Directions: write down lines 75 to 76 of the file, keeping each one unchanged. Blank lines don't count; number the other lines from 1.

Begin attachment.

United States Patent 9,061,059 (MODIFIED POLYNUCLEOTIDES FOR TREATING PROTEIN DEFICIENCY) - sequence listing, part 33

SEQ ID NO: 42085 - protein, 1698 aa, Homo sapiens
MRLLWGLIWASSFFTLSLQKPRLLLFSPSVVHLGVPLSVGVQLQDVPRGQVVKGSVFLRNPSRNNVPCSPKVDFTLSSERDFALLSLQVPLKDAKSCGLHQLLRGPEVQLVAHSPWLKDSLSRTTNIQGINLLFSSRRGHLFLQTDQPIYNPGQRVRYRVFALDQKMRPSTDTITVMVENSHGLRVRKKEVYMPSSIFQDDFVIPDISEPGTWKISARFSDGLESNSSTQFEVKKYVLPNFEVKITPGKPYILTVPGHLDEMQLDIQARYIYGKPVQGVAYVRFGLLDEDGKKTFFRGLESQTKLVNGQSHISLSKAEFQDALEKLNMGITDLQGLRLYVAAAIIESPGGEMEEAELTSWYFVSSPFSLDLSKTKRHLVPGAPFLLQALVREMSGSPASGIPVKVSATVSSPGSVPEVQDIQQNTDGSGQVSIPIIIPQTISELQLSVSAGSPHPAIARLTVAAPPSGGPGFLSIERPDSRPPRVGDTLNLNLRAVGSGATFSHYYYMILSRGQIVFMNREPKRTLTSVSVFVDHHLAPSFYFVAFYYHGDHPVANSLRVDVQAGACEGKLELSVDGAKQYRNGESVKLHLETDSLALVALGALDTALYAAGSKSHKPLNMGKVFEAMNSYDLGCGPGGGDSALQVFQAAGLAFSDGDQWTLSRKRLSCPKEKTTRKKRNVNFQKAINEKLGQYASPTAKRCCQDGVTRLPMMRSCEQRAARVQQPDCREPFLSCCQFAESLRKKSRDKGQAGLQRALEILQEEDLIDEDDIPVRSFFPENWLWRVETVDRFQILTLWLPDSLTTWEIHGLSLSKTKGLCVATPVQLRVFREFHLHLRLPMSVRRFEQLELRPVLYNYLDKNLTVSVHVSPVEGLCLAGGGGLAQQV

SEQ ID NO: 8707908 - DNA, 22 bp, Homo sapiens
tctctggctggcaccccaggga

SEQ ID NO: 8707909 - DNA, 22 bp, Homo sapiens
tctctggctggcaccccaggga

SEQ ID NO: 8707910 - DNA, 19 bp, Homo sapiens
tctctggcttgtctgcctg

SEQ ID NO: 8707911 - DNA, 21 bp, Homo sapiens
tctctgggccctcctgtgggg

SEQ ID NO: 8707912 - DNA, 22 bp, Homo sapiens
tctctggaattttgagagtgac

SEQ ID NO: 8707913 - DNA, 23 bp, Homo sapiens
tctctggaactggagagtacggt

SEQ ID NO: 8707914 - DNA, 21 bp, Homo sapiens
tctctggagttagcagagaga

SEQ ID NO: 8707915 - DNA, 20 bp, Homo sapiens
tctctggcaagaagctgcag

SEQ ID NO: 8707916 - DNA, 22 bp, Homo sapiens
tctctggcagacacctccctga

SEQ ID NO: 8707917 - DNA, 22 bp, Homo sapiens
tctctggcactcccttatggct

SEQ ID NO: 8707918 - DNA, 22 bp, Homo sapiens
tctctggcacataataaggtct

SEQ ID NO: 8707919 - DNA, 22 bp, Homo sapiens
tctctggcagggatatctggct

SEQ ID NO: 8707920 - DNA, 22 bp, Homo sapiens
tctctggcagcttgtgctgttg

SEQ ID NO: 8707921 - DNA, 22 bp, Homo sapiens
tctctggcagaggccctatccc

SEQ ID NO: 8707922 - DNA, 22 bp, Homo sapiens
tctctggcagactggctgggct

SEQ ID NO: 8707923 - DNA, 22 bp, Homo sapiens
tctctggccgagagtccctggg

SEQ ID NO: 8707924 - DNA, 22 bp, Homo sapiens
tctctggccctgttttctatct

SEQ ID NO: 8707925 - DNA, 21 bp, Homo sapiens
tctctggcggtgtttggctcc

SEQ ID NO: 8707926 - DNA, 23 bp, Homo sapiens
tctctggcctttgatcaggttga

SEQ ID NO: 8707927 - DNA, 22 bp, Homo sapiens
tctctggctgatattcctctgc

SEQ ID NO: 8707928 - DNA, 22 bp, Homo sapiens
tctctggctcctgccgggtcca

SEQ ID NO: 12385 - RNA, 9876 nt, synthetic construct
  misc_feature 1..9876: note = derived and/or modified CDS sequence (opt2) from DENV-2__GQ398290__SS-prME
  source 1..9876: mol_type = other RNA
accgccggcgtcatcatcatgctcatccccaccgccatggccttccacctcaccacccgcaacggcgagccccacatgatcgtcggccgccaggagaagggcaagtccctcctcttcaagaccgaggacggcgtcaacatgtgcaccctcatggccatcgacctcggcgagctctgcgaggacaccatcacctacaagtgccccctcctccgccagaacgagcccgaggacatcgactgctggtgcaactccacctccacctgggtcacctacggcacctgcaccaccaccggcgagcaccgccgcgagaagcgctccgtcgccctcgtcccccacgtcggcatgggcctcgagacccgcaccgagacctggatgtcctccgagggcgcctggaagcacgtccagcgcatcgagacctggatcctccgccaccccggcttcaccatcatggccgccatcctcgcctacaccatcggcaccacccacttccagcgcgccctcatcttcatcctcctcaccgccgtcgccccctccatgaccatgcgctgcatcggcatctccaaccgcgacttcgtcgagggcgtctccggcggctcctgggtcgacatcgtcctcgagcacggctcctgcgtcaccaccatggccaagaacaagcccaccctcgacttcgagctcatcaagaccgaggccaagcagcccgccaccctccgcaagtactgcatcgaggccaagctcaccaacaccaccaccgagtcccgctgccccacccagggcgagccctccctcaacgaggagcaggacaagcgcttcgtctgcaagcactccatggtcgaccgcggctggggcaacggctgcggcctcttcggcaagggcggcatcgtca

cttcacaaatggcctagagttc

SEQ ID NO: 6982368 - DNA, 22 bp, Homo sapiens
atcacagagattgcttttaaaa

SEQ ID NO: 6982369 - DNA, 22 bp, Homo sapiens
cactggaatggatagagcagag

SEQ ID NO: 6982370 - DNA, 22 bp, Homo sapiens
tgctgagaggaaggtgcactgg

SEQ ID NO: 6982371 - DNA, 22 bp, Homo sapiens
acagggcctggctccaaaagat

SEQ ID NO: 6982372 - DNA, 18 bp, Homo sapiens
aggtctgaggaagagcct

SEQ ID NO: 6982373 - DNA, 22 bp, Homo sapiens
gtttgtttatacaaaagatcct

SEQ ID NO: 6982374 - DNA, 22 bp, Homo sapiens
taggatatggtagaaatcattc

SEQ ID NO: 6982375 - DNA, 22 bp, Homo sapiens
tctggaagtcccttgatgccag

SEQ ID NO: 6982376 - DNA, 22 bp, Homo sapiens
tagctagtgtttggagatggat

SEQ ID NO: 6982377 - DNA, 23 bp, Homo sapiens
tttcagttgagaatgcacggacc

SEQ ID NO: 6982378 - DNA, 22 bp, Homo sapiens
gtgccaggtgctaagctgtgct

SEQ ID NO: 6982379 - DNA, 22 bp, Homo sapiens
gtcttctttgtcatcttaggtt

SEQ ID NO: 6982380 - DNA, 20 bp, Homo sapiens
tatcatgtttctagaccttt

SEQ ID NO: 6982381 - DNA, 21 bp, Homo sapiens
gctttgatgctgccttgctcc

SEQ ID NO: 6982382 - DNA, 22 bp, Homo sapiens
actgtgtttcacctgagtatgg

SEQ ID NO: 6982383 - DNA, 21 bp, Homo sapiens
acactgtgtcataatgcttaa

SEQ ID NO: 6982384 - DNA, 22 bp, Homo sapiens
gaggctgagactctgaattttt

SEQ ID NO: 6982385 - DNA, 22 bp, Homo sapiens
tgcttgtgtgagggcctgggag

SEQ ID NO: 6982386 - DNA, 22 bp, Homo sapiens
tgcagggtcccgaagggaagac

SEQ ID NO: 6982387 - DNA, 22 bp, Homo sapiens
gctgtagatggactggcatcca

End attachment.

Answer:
SEQ ID NO: 6982380 - DNA, 20 bp, Homo sapiens
tatcatgtttctagaccttt